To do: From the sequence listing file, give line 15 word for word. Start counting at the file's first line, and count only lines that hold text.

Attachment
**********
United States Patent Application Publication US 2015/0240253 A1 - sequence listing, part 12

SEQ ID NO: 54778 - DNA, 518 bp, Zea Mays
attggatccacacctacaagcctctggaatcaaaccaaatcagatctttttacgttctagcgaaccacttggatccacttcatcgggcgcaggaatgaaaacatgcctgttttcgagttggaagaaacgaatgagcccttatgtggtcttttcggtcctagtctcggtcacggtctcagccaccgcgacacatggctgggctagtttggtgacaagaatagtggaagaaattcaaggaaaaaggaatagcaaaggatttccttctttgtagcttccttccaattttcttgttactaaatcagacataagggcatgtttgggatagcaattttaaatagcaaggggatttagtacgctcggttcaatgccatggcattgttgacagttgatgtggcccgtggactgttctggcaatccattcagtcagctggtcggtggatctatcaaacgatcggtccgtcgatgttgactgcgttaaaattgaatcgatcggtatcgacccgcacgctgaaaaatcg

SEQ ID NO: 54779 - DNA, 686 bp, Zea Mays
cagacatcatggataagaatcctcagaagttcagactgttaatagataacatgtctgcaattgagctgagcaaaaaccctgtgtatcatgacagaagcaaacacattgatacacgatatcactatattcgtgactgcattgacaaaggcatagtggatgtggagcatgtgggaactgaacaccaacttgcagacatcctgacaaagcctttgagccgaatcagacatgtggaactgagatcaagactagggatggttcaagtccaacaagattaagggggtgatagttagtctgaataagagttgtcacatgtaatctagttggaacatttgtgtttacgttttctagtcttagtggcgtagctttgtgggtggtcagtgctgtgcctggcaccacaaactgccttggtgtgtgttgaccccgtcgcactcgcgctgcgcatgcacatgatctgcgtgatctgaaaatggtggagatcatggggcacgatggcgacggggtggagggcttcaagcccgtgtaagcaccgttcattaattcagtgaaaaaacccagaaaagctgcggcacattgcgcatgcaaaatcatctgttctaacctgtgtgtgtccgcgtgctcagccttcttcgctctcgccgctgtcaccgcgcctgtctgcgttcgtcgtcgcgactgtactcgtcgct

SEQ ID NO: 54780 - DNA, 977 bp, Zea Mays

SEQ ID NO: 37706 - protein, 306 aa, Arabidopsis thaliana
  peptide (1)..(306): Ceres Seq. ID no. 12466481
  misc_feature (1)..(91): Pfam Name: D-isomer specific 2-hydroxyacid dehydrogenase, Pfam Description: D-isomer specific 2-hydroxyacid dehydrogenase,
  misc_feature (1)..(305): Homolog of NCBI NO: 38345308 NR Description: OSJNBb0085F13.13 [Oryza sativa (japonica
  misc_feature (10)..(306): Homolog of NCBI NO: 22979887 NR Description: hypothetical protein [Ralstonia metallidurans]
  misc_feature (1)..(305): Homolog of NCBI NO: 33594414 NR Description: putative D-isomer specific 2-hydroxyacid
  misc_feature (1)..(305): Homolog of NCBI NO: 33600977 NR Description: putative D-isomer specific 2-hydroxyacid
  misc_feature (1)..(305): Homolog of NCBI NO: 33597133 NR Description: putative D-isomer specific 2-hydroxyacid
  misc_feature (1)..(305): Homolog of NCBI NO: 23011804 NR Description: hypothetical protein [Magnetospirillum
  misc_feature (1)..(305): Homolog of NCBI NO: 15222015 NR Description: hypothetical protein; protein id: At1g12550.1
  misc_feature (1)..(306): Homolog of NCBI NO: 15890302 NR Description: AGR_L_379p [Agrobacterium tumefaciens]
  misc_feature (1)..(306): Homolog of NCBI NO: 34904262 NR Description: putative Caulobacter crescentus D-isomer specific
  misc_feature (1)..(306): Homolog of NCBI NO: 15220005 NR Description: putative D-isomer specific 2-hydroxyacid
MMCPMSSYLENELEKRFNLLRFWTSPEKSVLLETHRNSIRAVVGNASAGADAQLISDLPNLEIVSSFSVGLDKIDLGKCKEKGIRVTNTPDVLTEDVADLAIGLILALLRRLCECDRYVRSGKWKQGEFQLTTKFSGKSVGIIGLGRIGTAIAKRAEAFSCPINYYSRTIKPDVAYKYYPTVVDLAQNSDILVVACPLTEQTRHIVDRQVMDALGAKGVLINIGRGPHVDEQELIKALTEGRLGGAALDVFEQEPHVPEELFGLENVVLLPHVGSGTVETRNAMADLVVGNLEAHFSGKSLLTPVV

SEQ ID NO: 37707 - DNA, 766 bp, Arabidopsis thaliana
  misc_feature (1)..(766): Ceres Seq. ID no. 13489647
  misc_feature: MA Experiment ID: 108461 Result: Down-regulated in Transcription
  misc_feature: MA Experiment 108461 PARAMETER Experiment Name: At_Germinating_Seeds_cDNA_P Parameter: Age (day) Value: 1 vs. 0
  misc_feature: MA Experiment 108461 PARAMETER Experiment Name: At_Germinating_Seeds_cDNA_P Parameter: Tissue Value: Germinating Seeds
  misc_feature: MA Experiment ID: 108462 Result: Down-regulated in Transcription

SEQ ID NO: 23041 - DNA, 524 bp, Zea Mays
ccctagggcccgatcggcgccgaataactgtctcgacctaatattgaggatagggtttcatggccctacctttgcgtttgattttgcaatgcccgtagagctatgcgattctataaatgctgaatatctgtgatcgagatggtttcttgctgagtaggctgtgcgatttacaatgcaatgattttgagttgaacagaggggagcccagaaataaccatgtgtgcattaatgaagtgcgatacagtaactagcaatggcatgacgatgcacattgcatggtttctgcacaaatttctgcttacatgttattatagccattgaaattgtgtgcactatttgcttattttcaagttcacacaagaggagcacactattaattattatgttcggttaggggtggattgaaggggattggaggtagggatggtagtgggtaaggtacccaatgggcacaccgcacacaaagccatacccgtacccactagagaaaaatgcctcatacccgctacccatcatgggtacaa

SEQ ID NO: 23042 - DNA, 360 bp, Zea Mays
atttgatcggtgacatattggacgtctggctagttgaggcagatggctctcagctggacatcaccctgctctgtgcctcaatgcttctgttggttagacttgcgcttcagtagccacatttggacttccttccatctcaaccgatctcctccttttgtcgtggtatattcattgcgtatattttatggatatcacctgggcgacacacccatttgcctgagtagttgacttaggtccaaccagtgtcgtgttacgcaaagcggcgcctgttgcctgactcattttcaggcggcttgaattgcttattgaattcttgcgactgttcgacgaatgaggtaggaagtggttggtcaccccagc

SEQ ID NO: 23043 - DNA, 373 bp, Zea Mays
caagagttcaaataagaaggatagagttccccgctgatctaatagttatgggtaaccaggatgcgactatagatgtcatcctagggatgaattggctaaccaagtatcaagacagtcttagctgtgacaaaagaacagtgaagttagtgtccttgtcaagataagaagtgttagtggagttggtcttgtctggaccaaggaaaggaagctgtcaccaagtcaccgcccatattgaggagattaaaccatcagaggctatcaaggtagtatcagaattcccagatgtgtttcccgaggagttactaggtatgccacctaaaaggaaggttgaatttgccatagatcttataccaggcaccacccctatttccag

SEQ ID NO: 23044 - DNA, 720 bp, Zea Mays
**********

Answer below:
  misc_feature (1)..(305): Homolog of NCBI NO: 23011804 NR Description: hypothetical protein [Magnetospirillum